If you drive south on the highway that runs from Galilee to the Dead Sea, you will see boys driving sheep through the desert. The boys are bright-eyed and full of smiles, many no older than 6 or 7, wearing old Nike T-shirts or white Adidas soccer jerseys, riding donkeys, running on foot, jumping like puppies, and keeping their animals safe—off the highway, away from roadside produce sellers, and moving, always moving, toward water and food in that dry land that rolls by Jericho.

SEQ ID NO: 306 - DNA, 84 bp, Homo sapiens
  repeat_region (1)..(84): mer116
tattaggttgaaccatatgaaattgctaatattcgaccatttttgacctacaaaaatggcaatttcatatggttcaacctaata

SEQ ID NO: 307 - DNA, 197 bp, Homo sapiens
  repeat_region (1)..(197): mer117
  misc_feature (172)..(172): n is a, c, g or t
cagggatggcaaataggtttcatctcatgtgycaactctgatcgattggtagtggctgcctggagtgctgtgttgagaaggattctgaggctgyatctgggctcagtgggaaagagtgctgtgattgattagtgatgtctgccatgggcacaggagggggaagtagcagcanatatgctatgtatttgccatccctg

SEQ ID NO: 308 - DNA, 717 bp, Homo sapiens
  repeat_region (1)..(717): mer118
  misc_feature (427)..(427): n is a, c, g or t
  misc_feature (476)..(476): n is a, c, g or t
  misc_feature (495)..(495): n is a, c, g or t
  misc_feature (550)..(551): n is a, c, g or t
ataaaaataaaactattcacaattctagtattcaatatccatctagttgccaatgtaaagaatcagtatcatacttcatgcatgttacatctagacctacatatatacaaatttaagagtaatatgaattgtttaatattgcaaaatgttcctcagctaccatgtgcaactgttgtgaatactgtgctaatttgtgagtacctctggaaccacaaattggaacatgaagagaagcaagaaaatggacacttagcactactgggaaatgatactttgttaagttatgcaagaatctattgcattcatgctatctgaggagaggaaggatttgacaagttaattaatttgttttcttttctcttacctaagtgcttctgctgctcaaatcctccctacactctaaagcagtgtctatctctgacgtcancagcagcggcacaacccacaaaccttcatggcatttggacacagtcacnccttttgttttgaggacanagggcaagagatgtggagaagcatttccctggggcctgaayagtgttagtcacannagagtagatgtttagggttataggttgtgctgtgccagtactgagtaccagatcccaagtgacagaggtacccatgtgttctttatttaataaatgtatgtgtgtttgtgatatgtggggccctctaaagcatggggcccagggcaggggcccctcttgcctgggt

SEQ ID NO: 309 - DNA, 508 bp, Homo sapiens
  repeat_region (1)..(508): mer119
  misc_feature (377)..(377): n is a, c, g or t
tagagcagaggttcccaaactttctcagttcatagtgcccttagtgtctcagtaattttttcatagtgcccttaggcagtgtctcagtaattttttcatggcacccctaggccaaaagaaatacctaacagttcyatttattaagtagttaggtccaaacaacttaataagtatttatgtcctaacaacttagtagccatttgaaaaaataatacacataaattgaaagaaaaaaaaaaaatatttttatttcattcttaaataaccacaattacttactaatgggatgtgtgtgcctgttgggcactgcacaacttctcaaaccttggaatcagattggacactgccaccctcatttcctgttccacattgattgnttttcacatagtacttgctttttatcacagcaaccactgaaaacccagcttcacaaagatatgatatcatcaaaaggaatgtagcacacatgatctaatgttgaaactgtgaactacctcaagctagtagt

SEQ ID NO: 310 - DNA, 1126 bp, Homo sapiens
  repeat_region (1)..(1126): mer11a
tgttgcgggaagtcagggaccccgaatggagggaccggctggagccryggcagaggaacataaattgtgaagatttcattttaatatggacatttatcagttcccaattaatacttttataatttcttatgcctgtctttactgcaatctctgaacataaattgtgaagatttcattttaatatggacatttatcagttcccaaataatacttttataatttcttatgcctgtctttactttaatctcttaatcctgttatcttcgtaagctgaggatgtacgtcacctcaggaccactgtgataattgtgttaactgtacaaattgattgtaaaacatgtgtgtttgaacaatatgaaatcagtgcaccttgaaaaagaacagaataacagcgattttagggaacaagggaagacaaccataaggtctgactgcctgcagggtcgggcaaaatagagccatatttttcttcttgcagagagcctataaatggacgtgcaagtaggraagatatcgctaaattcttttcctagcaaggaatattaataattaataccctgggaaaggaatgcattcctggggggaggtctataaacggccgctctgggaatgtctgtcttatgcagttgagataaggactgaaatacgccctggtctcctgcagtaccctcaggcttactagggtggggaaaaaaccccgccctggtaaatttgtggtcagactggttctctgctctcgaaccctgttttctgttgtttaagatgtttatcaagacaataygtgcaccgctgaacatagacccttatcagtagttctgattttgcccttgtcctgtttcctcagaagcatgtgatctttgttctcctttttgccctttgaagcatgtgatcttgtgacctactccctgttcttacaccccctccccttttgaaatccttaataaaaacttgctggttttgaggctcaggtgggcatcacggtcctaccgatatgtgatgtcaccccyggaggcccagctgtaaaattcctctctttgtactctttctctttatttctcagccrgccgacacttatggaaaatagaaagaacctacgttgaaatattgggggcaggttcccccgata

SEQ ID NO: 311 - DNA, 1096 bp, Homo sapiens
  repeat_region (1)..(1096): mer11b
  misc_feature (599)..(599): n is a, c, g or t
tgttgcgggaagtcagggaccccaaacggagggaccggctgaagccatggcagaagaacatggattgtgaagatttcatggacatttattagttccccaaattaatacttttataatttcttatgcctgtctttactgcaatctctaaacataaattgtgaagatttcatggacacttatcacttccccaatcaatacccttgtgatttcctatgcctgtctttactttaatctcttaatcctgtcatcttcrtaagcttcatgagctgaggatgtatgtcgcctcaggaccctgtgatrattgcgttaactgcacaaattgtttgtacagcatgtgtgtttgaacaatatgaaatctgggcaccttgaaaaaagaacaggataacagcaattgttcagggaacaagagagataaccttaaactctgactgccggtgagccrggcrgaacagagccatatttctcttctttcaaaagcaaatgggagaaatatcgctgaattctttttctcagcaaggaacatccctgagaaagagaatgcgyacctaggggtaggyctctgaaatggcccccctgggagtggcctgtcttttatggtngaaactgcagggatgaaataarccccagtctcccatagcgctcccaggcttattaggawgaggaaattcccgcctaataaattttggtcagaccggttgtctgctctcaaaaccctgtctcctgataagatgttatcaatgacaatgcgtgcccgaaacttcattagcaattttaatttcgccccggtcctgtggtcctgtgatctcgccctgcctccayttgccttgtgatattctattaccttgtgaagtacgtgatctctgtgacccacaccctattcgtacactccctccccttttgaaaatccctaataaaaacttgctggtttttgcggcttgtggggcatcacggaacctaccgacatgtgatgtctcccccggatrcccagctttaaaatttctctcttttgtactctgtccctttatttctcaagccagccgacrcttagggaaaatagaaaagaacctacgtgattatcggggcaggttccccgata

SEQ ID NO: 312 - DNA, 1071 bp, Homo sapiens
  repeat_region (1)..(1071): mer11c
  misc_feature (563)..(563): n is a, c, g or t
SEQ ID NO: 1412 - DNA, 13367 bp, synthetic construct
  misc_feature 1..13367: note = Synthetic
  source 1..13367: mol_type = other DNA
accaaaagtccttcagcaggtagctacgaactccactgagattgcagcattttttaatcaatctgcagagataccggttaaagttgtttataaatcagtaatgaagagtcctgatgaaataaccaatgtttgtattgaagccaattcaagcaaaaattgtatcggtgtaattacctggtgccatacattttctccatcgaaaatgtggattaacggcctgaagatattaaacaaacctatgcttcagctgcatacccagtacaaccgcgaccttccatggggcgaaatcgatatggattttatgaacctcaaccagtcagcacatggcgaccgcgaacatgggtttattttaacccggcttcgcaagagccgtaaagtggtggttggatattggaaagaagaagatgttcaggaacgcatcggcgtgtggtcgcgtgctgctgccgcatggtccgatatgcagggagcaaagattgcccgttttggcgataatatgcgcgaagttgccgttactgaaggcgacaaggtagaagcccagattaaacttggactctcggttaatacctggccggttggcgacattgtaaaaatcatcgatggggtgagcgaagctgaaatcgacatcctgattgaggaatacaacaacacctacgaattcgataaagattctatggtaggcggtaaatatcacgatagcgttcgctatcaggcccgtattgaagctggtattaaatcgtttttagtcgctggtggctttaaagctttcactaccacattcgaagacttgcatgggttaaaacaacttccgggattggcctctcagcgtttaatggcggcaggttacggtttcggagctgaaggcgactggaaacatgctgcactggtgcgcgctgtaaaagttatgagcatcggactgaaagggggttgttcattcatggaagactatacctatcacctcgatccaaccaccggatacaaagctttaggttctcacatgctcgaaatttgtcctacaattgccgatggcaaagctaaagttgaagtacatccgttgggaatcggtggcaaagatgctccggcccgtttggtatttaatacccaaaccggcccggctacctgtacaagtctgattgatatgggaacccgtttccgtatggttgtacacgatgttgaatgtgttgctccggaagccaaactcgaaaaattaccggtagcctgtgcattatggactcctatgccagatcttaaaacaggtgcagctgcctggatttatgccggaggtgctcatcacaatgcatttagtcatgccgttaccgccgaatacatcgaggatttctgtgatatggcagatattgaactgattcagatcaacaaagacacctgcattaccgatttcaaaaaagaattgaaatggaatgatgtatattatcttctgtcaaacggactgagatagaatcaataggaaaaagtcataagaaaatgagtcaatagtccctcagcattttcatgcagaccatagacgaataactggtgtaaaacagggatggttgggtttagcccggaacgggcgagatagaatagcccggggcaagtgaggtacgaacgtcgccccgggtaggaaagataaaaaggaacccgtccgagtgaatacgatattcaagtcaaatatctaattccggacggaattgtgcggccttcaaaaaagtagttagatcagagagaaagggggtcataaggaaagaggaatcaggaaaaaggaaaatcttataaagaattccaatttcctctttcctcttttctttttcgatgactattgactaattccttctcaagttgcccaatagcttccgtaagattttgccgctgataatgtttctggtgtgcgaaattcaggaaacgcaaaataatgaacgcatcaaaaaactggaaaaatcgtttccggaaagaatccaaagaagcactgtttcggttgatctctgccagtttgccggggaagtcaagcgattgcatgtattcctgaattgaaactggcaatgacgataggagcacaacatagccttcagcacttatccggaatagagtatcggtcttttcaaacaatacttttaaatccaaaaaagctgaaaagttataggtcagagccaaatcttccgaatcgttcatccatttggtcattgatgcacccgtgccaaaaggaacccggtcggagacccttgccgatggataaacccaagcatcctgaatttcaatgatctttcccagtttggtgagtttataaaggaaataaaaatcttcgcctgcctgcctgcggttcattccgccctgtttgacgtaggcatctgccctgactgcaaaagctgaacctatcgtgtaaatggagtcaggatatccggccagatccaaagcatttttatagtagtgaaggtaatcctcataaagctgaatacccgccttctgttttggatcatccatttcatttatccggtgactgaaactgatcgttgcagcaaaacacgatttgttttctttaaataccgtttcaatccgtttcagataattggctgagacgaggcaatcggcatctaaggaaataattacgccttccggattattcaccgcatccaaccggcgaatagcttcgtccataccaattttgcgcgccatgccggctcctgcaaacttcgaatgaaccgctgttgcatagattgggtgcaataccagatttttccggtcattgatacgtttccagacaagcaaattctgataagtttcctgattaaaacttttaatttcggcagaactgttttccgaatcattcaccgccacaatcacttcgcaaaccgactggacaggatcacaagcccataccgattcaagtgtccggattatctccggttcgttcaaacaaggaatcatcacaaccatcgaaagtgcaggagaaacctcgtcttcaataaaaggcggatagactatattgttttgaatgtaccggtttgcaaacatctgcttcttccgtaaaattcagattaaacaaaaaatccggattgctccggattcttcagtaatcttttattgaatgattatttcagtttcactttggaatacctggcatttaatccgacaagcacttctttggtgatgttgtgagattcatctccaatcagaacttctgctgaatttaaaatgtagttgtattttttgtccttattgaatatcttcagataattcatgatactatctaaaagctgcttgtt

When you look at the little shepherds, you see something elemental, a sight—other than those ubiquitous soccer jerseys—that you could have seen a thousand years ago here. That someone will likely see a thousand years from now. The shepherds of the West Bank are an unchanging sight, tending unchanging sheep, working a profession nearly as old as human memory. Much like their (less dusty) namesakes—the "pastors," who spend their lives tending God's flock.
Livestock and ...1
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